WASHINGTON (Reuters) – The U.S. House of Representatives votes on Tuesday on a resolution to terminate President Donald Trump’s declaration of a national emergency to build a wall on the border with Mexico. House Democrats introduced the resolution last week, challenging Trump’s assertion that he could take money Congress had appropriated for other activities and use it to build the wall.
A bipartisan group of 58 former national security officials issued a statement Monday saying there was no “factual basis” for Trump’s emergency declaration.
Lawmakers must not allow “any president (to) on a whim declare emergencies, simply because he or she can’t get their way in the Congress,” Senate Democratic Leader Chuck Schumer declared Monday.
Schumer warned Trump’s emergency declaration “could cannibalize funding from worthy projects all over the country,” noting that the administration had not even decided yet what projects to take the funds from.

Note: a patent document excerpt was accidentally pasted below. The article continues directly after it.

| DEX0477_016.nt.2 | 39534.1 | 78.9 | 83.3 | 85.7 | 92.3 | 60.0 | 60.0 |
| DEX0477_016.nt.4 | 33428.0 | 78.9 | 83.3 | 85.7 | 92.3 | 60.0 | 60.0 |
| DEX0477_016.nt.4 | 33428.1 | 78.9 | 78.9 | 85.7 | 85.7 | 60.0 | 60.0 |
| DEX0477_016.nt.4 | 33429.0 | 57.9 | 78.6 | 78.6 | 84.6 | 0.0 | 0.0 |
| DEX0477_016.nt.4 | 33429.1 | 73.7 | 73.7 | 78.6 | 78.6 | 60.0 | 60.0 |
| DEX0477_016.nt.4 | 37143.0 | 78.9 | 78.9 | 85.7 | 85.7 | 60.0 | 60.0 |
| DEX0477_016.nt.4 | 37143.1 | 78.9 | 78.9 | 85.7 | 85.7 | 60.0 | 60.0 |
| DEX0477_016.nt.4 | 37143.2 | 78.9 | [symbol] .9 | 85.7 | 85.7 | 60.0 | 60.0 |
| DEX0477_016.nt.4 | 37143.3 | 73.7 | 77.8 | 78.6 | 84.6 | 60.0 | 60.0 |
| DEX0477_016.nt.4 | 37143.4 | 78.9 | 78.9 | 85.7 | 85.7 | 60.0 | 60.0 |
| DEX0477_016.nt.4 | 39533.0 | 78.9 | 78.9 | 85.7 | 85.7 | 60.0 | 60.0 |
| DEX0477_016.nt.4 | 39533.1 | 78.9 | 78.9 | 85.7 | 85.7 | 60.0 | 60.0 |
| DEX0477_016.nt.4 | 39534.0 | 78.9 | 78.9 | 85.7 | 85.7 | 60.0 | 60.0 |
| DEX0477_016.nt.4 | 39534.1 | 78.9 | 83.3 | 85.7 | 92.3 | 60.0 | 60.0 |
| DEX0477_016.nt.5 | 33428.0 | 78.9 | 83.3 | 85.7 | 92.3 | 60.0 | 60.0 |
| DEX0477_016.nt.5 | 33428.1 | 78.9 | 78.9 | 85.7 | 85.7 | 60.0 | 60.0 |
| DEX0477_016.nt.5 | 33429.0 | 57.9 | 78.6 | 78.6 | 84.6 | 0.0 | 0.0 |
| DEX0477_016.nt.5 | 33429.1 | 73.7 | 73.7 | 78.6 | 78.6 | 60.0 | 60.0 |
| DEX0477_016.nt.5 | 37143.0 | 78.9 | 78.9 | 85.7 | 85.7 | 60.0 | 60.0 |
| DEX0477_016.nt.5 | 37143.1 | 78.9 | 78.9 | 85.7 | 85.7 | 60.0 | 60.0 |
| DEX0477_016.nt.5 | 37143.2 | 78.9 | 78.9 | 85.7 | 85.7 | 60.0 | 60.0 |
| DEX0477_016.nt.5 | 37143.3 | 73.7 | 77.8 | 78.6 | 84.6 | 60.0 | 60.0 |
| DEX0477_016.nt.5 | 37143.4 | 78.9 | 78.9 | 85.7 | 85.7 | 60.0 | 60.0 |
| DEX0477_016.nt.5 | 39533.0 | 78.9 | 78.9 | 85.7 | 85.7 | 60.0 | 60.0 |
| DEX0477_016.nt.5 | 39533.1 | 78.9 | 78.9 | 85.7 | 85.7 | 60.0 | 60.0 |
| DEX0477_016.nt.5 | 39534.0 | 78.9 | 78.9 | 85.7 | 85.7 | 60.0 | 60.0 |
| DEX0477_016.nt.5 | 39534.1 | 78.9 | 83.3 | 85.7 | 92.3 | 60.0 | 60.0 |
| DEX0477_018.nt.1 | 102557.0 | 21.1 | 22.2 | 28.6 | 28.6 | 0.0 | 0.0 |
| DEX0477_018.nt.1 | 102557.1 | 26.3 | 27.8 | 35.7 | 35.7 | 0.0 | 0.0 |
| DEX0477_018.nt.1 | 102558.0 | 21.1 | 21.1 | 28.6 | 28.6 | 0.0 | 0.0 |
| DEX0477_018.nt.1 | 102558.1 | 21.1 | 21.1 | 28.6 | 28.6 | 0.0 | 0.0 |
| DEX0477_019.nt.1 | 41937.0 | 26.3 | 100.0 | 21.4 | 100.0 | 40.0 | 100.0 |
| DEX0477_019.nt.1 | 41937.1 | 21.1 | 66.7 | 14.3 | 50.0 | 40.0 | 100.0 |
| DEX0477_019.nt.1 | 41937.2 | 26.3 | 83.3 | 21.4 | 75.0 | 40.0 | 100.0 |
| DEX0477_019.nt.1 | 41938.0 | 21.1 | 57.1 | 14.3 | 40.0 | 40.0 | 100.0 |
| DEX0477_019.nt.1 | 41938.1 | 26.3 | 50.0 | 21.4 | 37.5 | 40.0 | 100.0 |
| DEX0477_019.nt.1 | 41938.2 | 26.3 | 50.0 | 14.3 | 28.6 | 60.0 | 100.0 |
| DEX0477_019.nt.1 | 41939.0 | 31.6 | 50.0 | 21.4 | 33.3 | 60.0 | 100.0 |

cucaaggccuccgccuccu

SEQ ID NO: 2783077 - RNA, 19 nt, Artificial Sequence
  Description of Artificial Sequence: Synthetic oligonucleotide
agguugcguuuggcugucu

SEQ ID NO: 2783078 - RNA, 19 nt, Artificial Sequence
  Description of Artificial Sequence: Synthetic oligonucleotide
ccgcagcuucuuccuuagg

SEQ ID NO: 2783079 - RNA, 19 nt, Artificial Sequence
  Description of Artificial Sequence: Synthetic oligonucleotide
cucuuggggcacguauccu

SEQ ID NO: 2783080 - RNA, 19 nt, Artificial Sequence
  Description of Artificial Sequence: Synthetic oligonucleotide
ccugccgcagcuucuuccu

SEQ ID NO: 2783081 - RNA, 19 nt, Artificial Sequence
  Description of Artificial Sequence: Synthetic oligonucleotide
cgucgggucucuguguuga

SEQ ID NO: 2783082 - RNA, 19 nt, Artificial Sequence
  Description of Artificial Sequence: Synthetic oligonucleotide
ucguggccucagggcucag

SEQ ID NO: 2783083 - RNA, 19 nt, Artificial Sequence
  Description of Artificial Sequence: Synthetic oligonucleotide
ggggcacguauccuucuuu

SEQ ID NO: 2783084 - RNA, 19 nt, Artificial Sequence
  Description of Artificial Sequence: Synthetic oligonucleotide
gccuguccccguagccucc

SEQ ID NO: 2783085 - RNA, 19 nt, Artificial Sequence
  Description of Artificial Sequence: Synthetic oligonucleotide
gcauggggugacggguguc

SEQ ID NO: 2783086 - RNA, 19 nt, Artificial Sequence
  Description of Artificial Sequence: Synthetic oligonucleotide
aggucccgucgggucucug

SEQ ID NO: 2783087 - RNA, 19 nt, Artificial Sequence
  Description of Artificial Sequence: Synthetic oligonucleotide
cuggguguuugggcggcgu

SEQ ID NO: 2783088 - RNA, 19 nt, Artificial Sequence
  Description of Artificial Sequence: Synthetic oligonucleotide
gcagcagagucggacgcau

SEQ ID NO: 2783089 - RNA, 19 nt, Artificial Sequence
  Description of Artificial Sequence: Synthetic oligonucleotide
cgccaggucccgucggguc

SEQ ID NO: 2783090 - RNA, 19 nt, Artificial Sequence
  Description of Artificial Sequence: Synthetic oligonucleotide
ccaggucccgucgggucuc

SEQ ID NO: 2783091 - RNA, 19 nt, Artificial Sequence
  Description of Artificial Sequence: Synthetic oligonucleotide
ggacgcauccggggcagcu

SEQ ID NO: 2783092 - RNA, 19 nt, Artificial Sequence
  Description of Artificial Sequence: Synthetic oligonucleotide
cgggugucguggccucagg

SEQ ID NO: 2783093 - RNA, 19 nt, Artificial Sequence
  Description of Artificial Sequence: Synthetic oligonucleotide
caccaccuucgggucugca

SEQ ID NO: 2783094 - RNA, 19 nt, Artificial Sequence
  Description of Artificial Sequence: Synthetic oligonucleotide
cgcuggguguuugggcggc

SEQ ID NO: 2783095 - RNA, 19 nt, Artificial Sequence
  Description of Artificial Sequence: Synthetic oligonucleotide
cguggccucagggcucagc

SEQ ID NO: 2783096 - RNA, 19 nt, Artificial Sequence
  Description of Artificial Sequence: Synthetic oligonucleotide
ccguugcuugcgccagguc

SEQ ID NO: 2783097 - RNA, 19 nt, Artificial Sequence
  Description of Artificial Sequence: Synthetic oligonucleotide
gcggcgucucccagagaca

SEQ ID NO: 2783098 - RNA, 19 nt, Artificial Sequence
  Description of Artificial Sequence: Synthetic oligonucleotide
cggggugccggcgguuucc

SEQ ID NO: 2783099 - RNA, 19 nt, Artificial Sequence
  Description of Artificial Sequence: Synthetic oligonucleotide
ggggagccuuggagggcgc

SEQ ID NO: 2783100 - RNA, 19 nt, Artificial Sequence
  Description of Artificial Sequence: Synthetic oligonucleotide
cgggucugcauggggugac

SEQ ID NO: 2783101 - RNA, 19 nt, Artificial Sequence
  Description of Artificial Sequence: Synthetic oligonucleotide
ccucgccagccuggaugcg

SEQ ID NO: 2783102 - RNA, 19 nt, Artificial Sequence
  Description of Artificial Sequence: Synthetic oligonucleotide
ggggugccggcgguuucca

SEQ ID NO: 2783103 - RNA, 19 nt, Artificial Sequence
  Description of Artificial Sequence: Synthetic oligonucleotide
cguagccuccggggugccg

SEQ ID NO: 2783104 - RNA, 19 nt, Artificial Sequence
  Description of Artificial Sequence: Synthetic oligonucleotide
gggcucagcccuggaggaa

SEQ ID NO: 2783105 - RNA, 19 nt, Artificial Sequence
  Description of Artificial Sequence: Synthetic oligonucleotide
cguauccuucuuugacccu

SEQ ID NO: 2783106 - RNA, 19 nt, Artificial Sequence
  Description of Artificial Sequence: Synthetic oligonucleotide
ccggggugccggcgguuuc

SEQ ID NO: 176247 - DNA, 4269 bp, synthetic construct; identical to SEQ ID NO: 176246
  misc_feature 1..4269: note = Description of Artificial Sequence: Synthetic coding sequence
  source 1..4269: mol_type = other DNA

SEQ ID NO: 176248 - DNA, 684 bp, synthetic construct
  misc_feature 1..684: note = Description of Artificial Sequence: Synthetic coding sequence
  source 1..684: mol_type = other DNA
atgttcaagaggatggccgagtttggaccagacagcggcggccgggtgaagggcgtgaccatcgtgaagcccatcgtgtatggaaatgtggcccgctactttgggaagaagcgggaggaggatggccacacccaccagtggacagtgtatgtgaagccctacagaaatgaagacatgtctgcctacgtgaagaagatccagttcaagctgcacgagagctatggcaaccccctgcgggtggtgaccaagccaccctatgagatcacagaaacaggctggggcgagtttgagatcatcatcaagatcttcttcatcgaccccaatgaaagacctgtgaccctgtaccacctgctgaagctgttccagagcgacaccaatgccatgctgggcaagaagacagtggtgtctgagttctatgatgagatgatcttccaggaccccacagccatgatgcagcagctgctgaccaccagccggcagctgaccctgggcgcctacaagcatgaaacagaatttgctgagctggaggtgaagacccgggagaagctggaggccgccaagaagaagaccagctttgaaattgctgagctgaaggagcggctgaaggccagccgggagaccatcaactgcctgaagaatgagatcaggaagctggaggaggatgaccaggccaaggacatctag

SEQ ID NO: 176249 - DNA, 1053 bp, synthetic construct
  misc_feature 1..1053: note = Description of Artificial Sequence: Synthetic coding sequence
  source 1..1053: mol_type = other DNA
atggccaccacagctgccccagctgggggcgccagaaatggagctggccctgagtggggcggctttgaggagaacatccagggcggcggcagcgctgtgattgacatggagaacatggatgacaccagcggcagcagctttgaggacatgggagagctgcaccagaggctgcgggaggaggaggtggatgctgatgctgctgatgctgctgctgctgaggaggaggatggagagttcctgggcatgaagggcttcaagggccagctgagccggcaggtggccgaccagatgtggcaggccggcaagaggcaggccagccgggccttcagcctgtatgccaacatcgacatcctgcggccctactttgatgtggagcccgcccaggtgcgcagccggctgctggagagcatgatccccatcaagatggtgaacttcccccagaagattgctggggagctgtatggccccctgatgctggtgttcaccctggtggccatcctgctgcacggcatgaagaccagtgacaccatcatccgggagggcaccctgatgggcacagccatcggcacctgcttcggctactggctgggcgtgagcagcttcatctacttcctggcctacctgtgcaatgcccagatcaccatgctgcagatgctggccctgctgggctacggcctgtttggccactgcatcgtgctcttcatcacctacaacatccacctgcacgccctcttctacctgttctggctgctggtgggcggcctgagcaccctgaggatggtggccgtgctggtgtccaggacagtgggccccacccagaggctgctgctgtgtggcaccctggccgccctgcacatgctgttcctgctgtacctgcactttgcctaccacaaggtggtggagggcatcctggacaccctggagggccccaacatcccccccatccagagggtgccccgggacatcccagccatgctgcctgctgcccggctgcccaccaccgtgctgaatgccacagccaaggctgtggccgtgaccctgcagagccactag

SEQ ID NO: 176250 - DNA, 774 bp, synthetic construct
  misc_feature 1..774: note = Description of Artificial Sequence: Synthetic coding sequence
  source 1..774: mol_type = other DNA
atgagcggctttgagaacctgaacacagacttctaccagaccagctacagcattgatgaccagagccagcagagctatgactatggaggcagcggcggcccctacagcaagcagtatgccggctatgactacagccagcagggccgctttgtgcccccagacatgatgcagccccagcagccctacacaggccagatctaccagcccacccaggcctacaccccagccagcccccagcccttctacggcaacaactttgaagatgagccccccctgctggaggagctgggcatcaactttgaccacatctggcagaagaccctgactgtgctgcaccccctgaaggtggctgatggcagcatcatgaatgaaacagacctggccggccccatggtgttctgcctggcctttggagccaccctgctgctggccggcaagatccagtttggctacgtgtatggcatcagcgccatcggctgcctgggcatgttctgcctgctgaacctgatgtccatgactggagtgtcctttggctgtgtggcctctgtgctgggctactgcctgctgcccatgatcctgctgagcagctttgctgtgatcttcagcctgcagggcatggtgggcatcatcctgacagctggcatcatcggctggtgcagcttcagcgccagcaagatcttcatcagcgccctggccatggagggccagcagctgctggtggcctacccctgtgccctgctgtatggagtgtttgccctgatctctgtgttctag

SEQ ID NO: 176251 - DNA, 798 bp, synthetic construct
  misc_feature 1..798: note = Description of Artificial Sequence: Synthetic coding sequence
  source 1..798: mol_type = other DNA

About 226 House lawmakers are co-sponsoring the bill, including all but a handful of Democrats as well as one Republican, Justin Amash.
The issue is also in the courts. A coalition of 16 U.S. states led by California have sued Trump and top members of his administration to block his emergency declaration.
Congress this month appropriated $1.37 billion for building border barriers following a battle with Trump, which included a 35-day partial government shutdown – the longest in U.S. history – when agency funding lapsed on Dec. 22.